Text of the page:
For the Bernese Mountain Dog, the important thing is to stay with its owners, regardless of where they live. It could therefore live in an apartment, but It prefers to live in accommodation with a garden available.

It will be able to let off steam and have fun. It’s a dog who has a hard time supporting the changes of its owner. In a home, It tends to stay calm and relaxed.

Health & Maintenance

The Bernese Mountain Dog is a fairly robust dog. Like all large breeds, It’s affected by hip dysplasia and the risk of stomach twisting. Thus, it is important not to make It exercise before and after meals.


The Bernese Mountain Dog can be prone to dysplasia problems. Often, an adapted diet throughout Its life, regular physical activity, and increased vigilance during Its growth can limit the risks of dysplasia. The elbow, hip or shoulder can be affected.


Less than 10% of Bernese Mountain Dogs would be affected by cancer that can appear mainly from the age of 6.

Stomach dilation and torsion syndrome

Like all large dogs, the Bernese Mountain Dog is, unfortunately, no exception and can be prone to stomach upset. To limit the risks, Its meal can be divided into two times during the day, once the growth is complete.

And it will be important not to physically expend your dog 1 to 2 hours after Its meal. Reversal of the stomach is an absolute emergency that can lead to the death of the dog within hours if not taken care of quickly! The vet will then need to perform surgery to save the dog whose stomach has turned. This procedure can be very expensive in the absence of good dog health insurance.

Eyelid abnormality

Also called entropion, it’s an inward reversal of the eyelid to which the Bernese Mountain Dog may be predisposed.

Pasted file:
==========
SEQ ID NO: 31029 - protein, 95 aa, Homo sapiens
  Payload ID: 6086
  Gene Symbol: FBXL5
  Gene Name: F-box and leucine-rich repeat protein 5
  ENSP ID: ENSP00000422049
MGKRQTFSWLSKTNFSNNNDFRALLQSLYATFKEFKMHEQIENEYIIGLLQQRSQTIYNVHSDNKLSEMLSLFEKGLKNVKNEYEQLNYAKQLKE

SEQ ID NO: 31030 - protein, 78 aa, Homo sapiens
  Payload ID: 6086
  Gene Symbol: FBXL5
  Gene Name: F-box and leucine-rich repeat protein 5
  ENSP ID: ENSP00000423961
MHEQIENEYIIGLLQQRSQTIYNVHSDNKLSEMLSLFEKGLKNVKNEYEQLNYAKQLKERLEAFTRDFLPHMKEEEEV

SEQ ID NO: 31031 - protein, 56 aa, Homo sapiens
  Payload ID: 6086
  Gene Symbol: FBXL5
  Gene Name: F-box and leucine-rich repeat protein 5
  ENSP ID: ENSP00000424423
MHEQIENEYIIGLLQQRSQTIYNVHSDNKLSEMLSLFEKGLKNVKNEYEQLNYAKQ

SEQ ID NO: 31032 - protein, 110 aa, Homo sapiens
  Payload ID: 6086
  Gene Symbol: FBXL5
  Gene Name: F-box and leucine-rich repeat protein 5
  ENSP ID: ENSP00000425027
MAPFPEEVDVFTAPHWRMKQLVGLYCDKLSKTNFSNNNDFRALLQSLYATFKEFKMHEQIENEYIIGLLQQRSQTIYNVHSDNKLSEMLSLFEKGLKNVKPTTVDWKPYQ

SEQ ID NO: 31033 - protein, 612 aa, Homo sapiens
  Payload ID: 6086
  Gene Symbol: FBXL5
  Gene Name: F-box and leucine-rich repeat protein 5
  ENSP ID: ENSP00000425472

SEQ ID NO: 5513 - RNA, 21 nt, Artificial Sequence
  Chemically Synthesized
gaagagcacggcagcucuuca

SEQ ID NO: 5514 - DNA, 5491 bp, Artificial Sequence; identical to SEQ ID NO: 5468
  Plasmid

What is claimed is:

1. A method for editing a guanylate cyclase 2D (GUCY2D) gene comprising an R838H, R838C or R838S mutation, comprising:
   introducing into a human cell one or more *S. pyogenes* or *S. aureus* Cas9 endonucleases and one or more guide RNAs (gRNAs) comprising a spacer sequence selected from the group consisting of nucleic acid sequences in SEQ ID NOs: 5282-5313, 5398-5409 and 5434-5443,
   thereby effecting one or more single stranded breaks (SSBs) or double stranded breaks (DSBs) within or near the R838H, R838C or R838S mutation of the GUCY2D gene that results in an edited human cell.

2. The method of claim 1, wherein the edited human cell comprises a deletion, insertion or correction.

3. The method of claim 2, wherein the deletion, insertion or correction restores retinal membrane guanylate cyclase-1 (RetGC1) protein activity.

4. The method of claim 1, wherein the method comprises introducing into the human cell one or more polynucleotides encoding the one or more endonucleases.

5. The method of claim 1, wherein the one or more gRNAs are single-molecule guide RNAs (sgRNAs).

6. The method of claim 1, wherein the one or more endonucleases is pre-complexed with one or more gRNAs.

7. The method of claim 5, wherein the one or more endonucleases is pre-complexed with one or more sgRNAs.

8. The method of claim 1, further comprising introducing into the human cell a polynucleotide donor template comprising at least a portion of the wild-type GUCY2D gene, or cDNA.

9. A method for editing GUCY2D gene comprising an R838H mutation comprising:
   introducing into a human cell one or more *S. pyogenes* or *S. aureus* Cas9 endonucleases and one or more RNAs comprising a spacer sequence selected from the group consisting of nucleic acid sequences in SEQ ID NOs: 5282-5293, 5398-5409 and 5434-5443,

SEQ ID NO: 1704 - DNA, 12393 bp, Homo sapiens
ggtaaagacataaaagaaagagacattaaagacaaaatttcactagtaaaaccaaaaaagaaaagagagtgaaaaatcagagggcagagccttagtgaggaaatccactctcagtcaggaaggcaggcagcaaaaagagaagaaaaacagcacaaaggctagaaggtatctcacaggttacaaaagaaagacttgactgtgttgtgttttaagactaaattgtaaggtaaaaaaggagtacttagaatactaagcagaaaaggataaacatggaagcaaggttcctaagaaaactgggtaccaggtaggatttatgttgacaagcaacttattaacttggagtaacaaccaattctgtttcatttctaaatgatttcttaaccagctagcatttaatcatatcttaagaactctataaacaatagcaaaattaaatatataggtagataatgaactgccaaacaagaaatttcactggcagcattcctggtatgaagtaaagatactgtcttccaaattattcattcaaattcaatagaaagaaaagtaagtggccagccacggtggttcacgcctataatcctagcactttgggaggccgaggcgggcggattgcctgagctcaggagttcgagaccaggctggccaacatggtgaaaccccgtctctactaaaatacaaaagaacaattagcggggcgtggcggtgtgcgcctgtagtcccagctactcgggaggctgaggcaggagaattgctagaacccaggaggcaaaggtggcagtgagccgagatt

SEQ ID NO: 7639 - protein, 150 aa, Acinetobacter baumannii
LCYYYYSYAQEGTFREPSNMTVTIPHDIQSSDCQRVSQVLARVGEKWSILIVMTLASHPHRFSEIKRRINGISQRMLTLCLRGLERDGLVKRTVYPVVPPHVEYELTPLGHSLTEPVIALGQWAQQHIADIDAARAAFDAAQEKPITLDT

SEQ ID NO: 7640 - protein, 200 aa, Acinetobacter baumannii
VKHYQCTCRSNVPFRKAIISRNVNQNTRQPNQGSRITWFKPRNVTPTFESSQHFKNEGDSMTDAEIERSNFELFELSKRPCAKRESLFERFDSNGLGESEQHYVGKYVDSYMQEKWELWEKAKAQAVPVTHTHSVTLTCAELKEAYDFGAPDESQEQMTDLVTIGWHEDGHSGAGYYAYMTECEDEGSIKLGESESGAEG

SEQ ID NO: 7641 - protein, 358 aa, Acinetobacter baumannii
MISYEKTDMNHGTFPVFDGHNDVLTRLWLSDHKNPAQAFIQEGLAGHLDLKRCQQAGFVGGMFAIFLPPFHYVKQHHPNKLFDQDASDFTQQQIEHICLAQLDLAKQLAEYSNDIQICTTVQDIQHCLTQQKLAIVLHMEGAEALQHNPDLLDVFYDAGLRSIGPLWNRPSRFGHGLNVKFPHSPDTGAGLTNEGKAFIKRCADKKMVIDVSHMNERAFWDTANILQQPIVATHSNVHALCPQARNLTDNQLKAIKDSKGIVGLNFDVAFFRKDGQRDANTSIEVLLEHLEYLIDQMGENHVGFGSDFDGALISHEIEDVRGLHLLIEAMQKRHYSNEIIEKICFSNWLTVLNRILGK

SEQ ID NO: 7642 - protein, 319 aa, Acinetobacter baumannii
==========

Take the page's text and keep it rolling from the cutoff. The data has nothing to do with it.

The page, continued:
The life expectancy of a Bernese Mountain Dog is, on average, between 7 years and 9 years.

After a walk, it is not necessary to brush or wash it. The dirt on its hair will fall off on its own after a few minutes if the dog stays dry. Like all other dogs, care should be taken to clean their ears regularly. Brushing should be weekly.

The  Bernese Mountain Dog moult is constant but is accentuated in spring and autumn. During these periods, do not hesitate to  increase the frequency of brushing

A minimum bath per year is sufficient for its maintenance and to preserve its magnificent coat. The passage in the bathtub can be more periodic (every 3 months or more), but the Bernese Mountain Dog has the particularity of having a self-cleaning hair.

Brush Its teeth 2-3 times a week to prevent bad breath and tartar buildup, and trim Its nails once a month.

As often industrial brands can offer food adapted to the size, weight, and even the age of the Bernese Mountain Dog. The quality of the croquettes varies according to the brands and is distinguished in 3 categories: ” Discount “, ” Premium ” or ” Super Premium “. It is better to favor at least the so-called ” Premium “ brands of kibble and beyond.

In terms of quantities, it is generally recommended to offer a Bernese Mountain Dog 570 grams of kibble per day. This ratio must be divided into 2 daily meals. Of course, everything depends on the quality of the kibble. It is therefore important to follow the directions on the package, depending on your dog’s metabolism.

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About Amanda

Passionate about animals, Amanda draws her expertise from her training as an educator, pet behaviorist as well as her extensive experience with animal owners. A specialist in dog and cat behavior, Amanda continues to learn about our four-legged companions by studying veterinary reference books but also university research sites (UCD, Utrecht, Cambridge, Cornell, etc..)